Clarifying Concepts: Faith

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“Now faith, hope and love abide, but the greatest of these is love.” I Cor 13:13

Of these three, hope is probably the least vague or problematic for women in destructive relationships. In fact, hope keeps her going. Through the skillful use of intermittent reinforcement, a woman continues to hope  her abuser will change, that if she can just hold on or do more, she will be delivered from the nightmare she is living.

Intermittent reinforcement is the carrot and stick method of bondage. The abuser is romantic, kind, insisting he cannot live without her.  Then some minor mishaps occurs and he flies into a rage that she is the stupidest woman he has ever met. This cycle of escalation-outburst-honeymoon keeps hope alive in the woman. If he can be so loving part of the time, she berates herself, the other times must be her fault. Surely God will show her how she must change to stop this torment.

We all need hope in the good or a better tomorrow to keep going. But this kind of hope relies on a denial of reality. It is too hard to admit that his behavior is deliberate and not her fault.

Love also has many meanings. When an abuser says he loves a victim, he means she seems ideal to use. Other ideas of respect,  honor, compassion, and commitment are not included in his definition, although they are in hers.

But perhaps the most frequently misused concept overall is faith. In fact, six faith concepts are examined in my self-help workbook, Redemption from Biblical Battering, which contribute to a believing victim’s confusion.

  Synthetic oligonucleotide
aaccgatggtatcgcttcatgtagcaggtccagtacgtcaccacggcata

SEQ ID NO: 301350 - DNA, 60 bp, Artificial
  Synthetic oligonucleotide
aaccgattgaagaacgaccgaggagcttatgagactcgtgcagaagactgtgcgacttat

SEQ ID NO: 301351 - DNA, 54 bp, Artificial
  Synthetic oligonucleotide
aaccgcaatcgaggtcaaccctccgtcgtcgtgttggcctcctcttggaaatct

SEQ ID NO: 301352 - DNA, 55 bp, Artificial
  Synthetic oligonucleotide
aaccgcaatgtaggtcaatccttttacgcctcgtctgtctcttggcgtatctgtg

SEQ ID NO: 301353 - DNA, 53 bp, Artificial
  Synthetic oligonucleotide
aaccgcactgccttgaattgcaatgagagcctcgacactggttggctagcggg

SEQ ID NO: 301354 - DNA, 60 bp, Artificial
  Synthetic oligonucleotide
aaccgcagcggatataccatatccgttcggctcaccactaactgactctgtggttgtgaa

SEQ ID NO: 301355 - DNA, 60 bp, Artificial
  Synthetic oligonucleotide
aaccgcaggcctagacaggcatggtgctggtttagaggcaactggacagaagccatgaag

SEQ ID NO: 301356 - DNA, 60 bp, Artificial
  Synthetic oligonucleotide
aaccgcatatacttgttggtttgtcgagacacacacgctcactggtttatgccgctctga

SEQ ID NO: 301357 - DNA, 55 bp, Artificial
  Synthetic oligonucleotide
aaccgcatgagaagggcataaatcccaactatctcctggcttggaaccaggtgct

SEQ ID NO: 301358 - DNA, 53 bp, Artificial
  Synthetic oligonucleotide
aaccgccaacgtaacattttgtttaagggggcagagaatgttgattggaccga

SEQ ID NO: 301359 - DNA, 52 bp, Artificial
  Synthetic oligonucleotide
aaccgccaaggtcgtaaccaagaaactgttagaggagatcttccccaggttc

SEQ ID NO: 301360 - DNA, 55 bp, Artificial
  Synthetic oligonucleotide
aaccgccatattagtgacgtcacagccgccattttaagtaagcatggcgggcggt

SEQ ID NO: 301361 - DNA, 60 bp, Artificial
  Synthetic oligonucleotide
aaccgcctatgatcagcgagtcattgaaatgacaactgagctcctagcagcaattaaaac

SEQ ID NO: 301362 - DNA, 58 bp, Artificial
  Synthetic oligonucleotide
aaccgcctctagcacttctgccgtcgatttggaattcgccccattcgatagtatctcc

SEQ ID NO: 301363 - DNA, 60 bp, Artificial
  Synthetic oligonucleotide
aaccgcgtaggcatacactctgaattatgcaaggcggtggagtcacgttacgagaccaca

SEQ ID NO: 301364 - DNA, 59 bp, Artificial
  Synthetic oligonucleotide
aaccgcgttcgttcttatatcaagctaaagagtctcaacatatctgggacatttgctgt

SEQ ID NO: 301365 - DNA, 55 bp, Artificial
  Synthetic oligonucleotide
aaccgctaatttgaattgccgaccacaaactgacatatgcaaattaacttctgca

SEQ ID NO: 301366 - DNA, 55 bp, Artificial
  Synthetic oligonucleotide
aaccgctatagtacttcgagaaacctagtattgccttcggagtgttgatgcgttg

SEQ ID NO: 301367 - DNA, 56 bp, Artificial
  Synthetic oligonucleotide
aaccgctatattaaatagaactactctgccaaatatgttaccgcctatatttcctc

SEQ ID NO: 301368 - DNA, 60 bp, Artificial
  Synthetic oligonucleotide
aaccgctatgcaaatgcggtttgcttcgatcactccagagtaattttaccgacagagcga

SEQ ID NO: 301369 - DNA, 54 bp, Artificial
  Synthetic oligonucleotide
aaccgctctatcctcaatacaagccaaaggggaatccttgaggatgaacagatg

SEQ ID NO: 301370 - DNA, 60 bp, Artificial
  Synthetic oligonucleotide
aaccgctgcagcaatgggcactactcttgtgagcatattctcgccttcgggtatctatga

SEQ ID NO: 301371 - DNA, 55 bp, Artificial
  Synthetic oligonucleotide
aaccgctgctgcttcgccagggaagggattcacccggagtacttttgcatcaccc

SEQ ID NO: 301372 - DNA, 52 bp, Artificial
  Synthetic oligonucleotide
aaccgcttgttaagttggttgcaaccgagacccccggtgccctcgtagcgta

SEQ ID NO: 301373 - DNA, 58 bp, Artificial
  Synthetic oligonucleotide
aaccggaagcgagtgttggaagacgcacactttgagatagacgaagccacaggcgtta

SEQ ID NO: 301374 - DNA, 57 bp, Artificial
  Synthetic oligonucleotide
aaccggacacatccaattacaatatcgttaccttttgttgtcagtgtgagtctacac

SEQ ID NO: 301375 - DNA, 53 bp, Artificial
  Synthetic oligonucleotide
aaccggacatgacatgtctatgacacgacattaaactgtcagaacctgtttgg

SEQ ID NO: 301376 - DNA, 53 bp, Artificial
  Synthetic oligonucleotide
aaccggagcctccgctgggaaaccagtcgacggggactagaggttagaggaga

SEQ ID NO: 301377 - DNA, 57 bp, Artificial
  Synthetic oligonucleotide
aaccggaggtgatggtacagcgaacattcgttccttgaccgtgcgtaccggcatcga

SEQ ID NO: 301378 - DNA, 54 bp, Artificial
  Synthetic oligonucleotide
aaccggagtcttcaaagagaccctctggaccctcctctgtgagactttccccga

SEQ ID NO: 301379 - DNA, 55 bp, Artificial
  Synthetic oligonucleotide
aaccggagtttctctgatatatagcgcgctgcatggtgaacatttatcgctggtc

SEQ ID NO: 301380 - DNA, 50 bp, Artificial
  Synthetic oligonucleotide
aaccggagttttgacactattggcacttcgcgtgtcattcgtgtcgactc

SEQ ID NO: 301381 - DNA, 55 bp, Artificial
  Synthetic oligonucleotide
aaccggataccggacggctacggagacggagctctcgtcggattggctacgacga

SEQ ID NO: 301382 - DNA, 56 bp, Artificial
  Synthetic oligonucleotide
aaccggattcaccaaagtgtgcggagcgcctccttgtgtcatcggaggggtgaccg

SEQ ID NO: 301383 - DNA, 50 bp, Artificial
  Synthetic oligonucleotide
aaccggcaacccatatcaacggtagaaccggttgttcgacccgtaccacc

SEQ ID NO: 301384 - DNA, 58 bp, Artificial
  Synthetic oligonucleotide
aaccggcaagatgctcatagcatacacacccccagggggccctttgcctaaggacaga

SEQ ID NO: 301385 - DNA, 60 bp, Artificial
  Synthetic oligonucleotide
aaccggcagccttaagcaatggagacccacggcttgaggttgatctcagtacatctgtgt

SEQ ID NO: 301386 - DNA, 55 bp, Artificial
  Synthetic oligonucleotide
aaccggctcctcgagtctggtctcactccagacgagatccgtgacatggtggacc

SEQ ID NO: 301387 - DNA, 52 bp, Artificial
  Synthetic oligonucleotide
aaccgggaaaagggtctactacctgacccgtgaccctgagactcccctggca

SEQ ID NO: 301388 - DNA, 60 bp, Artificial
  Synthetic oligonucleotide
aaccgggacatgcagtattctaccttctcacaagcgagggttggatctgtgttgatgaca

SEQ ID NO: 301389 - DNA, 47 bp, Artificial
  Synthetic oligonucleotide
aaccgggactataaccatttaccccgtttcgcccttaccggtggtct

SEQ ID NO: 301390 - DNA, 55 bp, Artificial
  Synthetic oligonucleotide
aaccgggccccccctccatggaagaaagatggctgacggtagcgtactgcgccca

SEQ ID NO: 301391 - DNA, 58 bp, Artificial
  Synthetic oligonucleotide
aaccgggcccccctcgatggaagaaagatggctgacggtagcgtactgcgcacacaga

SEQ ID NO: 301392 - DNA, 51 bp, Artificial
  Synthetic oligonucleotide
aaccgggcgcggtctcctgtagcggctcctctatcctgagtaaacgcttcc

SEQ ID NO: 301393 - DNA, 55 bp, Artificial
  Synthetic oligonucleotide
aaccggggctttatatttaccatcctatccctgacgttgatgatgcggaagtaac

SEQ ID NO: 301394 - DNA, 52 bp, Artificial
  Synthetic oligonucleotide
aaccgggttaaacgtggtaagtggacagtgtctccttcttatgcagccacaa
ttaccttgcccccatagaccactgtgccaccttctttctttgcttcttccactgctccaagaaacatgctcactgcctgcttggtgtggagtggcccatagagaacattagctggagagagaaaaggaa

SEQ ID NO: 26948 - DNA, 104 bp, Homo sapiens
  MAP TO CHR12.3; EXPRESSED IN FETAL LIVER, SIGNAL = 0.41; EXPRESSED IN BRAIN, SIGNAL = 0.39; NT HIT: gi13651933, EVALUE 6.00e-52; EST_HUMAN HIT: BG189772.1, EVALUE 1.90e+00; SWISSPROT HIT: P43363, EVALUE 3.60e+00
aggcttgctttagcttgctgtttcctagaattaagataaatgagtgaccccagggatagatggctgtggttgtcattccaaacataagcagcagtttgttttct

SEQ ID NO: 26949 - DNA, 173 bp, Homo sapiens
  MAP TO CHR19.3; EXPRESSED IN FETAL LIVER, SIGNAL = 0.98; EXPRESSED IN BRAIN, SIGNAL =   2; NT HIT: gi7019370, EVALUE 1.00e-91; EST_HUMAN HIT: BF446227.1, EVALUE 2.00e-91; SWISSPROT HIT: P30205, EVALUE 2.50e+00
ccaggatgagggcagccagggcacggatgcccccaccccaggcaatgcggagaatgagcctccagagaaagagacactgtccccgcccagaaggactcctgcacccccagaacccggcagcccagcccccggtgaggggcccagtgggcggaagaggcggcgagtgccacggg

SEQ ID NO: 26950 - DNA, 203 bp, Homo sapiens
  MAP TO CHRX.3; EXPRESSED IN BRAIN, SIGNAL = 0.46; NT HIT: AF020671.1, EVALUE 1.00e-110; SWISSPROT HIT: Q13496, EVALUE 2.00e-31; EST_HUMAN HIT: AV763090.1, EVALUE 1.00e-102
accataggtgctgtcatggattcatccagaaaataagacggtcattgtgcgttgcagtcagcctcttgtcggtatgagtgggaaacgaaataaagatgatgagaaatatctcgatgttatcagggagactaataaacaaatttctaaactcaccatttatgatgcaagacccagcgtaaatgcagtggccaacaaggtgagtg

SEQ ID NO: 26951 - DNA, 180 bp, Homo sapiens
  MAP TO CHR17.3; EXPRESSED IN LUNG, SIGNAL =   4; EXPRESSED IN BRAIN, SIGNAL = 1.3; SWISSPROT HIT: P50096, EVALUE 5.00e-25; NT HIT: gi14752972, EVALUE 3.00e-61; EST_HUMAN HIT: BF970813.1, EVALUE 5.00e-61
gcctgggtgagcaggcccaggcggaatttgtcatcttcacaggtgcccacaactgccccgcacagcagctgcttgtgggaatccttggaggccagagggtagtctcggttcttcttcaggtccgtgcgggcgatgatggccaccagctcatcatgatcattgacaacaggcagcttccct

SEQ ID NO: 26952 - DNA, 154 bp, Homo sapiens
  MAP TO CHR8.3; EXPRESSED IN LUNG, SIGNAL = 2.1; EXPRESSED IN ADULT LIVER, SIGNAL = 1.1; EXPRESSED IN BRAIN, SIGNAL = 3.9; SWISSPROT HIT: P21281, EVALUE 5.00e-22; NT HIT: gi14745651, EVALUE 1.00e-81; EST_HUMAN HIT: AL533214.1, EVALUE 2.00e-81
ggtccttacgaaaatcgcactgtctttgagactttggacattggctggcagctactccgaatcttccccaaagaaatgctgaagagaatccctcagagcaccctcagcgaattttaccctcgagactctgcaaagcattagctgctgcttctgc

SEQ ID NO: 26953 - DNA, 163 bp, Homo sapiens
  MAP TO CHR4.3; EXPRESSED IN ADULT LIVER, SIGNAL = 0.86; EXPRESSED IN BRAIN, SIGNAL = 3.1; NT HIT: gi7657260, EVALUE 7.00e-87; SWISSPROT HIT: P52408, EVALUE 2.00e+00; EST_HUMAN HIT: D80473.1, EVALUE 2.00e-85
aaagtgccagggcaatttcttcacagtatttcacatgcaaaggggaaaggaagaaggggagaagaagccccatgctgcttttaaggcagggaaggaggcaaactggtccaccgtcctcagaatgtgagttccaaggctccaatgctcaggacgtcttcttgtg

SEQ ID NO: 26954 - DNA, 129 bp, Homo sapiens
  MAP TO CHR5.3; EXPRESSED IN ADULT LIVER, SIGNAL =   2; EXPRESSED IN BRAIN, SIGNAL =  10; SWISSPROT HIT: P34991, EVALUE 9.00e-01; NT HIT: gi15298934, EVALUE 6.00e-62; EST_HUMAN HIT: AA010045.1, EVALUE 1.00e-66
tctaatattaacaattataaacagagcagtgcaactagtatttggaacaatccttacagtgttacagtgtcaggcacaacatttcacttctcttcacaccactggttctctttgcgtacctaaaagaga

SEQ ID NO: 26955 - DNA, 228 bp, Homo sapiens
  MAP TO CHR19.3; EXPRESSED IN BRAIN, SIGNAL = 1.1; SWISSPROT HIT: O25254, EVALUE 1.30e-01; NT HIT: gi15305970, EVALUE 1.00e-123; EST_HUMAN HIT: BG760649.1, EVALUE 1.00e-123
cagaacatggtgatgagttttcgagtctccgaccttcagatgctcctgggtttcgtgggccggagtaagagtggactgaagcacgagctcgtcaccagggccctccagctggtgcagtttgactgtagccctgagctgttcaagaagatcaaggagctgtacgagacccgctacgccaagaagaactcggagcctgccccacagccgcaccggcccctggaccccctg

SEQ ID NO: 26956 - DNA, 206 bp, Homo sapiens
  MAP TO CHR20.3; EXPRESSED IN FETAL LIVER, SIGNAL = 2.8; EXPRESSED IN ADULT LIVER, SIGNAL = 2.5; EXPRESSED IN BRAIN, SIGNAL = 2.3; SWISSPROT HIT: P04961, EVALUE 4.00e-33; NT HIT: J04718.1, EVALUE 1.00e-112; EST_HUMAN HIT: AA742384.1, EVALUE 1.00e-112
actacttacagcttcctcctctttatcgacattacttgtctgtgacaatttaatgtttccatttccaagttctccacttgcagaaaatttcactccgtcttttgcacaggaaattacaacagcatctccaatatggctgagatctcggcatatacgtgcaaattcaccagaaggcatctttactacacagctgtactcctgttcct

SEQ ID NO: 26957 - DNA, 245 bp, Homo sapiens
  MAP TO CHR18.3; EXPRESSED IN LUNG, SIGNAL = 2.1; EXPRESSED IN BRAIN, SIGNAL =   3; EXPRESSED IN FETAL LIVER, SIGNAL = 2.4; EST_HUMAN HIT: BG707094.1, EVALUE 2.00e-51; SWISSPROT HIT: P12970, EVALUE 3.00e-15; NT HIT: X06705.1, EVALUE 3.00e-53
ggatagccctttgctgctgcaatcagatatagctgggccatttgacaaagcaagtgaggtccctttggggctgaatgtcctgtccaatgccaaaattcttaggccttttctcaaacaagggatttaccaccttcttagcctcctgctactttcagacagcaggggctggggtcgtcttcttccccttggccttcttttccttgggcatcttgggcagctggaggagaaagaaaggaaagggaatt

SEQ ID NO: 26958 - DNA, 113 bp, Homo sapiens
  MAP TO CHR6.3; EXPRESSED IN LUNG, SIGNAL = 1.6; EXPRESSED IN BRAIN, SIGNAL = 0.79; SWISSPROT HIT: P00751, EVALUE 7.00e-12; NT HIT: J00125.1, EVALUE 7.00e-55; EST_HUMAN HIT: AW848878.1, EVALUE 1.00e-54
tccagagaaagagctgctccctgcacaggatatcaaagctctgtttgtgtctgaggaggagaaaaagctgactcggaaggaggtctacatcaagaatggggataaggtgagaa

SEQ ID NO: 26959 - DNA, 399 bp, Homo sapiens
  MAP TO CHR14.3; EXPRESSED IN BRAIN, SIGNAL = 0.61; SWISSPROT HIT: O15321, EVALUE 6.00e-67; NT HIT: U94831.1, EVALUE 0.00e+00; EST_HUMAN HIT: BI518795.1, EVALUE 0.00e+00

So when the word “faith” is used itself in verbal abuse, it is like having all six lobbed at you like a tennis ball machine. The more vague a woman is about what this concept means to her, the more an abuser can use Bible verses or ideas about faith against her.

Faith is often used in six of the verbal abuse categories: countering, discounting, blocking/diverting, accusation and blame, name-calling, and  judging/criticizing.

Below are some of the most popular quotes about faith and some of the ways they are misused as verbal abuse. And some of the ways you can counter these, even if only mentally and not aloud verbally.

We live by faith, not by sight. 2 Cor. 5:7 – the abuser may counter  your need for answers or accountability by quoting this. You can counter this by explaining your faith is in God.

For it is by grace you have been saved, by faith, and his is not from yourselves. It is the gift of God not by works, so that no one can boast. Eph 2:8-9- may be used by the abuser to deflect if you want some acknowledgement or recognition of your efforts to obey and be productive, thinking this will free you from his insults. You can counter this by asserting you have the gift of faith and don’t boast.